• ClockworkOrange

    >> do you really believe anything Bloomberg says?

    Why the hell not? Shrewd businessman, 8th richest person in America, NY Mayor twice reelected, and I heard him speak on the TV occasionally, he strikes me as extremely fair minded and entirely reasonable. I’ll take his word over some anonymous commenter’s insane rantings (that refers to Subotai) any day.

    In any even, from 2008 article:

    “But the church retained the 1,200-square-foot parcel where its building once stood. Initially, the Port Authority suggested that St. Nicholas move to the northeast corner of Cedar and West Streets, a stone’s throw away. But parish leaders and the archbishop balked, saying that the site would be more than 20 feet above street level because of the screening center that is to be constructed below, and that they wanted a more prominent location on Greenwich Street.

    The church settled on an alternative, at the southwest corner of Liberty and Greenwich Streets, in front of the soon-to-be-demolished Deutsche Bank building. The idea was to swap the church’s land on Cedar Street for that spot, which is seven times larger.

    But a deal was never struck, as negotiations were interrupted time and again by an array of disasters and distractions, including the discovery of human remains atop the former Deutsche Bank tower in 2005 and a fire at the bank tower in which two firefighters died in 2007.”

  • Johnathan Pearce

    Clockwork, regardless of what are the real or alleged merits of Mr Bloomberg, your posting does not really answer the points that other guy made as far as I can tell. Bloomberg is quite capable of cutting some sharp deals and he is not exactly beloved by all New Yorkers.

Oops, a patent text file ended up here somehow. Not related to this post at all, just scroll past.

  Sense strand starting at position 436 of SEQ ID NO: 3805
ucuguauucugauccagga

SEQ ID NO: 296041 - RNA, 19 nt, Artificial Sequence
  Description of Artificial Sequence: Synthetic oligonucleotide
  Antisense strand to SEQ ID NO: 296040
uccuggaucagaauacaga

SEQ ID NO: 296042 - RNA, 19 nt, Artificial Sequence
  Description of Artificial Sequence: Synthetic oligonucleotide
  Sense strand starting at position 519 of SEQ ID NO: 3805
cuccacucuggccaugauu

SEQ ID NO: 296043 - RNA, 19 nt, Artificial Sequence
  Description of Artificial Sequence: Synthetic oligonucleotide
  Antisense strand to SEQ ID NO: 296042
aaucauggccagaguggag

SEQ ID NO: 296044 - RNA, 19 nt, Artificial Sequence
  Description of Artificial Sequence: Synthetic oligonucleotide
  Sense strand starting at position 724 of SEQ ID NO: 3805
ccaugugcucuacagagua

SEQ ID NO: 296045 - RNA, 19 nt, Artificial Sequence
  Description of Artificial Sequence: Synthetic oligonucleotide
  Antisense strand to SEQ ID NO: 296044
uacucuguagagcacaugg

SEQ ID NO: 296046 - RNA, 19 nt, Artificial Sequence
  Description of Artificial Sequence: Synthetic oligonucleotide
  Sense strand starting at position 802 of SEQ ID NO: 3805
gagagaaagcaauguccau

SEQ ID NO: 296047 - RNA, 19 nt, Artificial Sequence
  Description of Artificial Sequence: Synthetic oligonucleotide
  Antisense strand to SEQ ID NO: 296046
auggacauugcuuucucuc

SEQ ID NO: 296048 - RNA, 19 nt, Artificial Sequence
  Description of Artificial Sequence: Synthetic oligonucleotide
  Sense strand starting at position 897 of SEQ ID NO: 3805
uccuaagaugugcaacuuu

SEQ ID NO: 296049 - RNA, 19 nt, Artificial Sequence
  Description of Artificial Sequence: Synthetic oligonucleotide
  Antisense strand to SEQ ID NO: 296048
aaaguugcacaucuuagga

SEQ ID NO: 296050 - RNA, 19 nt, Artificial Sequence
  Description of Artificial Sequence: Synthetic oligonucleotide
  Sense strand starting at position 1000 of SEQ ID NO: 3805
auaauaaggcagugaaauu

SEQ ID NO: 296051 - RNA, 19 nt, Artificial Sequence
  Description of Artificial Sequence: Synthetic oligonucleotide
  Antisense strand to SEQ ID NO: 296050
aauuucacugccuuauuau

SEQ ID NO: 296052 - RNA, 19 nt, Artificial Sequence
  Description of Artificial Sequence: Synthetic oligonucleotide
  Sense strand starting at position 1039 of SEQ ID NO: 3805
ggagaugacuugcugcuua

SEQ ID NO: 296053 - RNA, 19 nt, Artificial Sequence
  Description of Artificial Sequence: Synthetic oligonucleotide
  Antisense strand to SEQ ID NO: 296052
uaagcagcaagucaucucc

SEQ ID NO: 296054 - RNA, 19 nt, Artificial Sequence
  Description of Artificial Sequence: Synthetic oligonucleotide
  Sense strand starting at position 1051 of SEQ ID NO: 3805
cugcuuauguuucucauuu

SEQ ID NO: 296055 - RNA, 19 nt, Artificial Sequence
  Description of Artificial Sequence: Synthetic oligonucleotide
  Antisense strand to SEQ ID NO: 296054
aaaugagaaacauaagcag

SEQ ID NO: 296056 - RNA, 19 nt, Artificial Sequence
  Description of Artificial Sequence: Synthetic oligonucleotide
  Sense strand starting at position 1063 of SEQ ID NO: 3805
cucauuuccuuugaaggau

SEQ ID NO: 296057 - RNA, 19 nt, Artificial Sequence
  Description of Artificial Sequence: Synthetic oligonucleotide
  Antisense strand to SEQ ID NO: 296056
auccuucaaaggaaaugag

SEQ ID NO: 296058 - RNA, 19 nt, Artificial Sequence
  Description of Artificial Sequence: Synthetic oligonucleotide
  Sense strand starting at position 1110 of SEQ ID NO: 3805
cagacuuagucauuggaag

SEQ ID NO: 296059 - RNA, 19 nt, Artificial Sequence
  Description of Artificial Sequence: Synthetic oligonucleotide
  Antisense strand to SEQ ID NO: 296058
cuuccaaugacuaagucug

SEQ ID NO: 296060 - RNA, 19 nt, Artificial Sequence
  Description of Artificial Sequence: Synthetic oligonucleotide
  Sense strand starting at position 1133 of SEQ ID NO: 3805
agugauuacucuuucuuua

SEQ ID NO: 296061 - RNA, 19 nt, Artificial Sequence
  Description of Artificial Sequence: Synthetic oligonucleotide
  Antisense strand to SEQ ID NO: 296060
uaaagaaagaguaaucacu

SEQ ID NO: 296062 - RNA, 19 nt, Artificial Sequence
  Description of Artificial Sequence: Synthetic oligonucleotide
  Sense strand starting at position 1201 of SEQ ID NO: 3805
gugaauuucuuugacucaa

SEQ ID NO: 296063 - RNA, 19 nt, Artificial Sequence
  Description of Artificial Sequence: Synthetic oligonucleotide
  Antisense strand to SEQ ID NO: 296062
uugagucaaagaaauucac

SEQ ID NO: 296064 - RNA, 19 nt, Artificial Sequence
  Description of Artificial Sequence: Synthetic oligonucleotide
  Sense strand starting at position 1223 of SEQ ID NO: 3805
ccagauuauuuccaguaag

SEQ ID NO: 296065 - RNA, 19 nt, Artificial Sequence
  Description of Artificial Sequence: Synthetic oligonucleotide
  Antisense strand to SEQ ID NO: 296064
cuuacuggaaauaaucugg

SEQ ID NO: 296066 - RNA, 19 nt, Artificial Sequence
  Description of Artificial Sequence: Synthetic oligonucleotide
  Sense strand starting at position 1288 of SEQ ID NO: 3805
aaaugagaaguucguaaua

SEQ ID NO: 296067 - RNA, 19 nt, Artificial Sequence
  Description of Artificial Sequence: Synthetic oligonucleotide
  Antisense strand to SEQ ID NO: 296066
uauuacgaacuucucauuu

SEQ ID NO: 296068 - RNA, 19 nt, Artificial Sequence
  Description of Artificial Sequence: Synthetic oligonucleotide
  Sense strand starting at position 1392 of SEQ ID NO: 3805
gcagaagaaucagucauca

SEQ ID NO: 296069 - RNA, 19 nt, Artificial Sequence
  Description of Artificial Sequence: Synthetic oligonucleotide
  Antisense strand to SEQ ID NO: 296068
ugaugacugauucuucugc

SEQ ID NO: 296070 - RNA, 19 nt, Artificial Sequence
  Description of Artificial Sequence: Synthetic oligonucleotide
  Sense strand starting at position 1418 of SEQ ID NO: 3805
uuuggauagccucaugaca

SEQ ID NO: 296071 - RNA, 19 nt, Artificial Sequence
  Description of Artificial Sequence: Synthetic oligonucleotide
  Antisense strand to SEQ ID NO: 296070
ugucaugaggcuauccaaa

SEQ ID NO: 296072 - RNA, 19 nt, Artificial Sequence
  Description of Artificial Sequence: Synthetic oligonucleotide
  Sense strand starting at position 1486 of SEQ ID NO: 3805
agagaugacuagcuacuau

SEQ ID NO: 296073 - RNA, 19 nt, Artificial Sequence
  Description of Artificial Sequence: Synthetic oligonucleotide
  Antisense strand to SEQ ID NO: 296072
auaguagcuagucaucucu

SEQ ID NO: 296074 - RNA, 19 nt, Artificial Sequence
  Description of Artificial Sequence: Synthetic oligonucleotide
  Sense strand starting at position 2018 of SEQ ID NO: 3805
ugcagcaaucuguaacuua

And I could not help but laugh when you sneered at an “anonymous commenter’s insane rantings”. Is Clockwork Orange your real name then? Bet you hate your parents!

  • Correct me if I am wrong, but I have some vague memory of Clockwork attending this site in the past and offering defence for Islamism and Islam alongside our old friend Slartibartfast.

    As I remember it, at that time he was offering a load of tendentious tosh on a topic I was familiar with, so could he be doing the same this time on a topic I can’t coment on?

    After all, who in the West, left or right, would take this statement seriously?

    Why the hell not? Shrewd businessman, 8th richest person in America, NY Mayor twice reelected, and I heard him speak on the TV occasionally, he strikes me as extremely fair minded and entirely reasonable. I’ll take his word over some anonymous commenter’s insane rantings (that refers to Subotai) any day.

    It is more from a mindset moulded by “admire the great leader” type propaganda.

    Islamist (and Russian) trolls can be subtle, but once you know what to look for they start standing out.

  • Paul Marks

    I said very similar things to this post, some years ago (on this site) so, of course, I agree.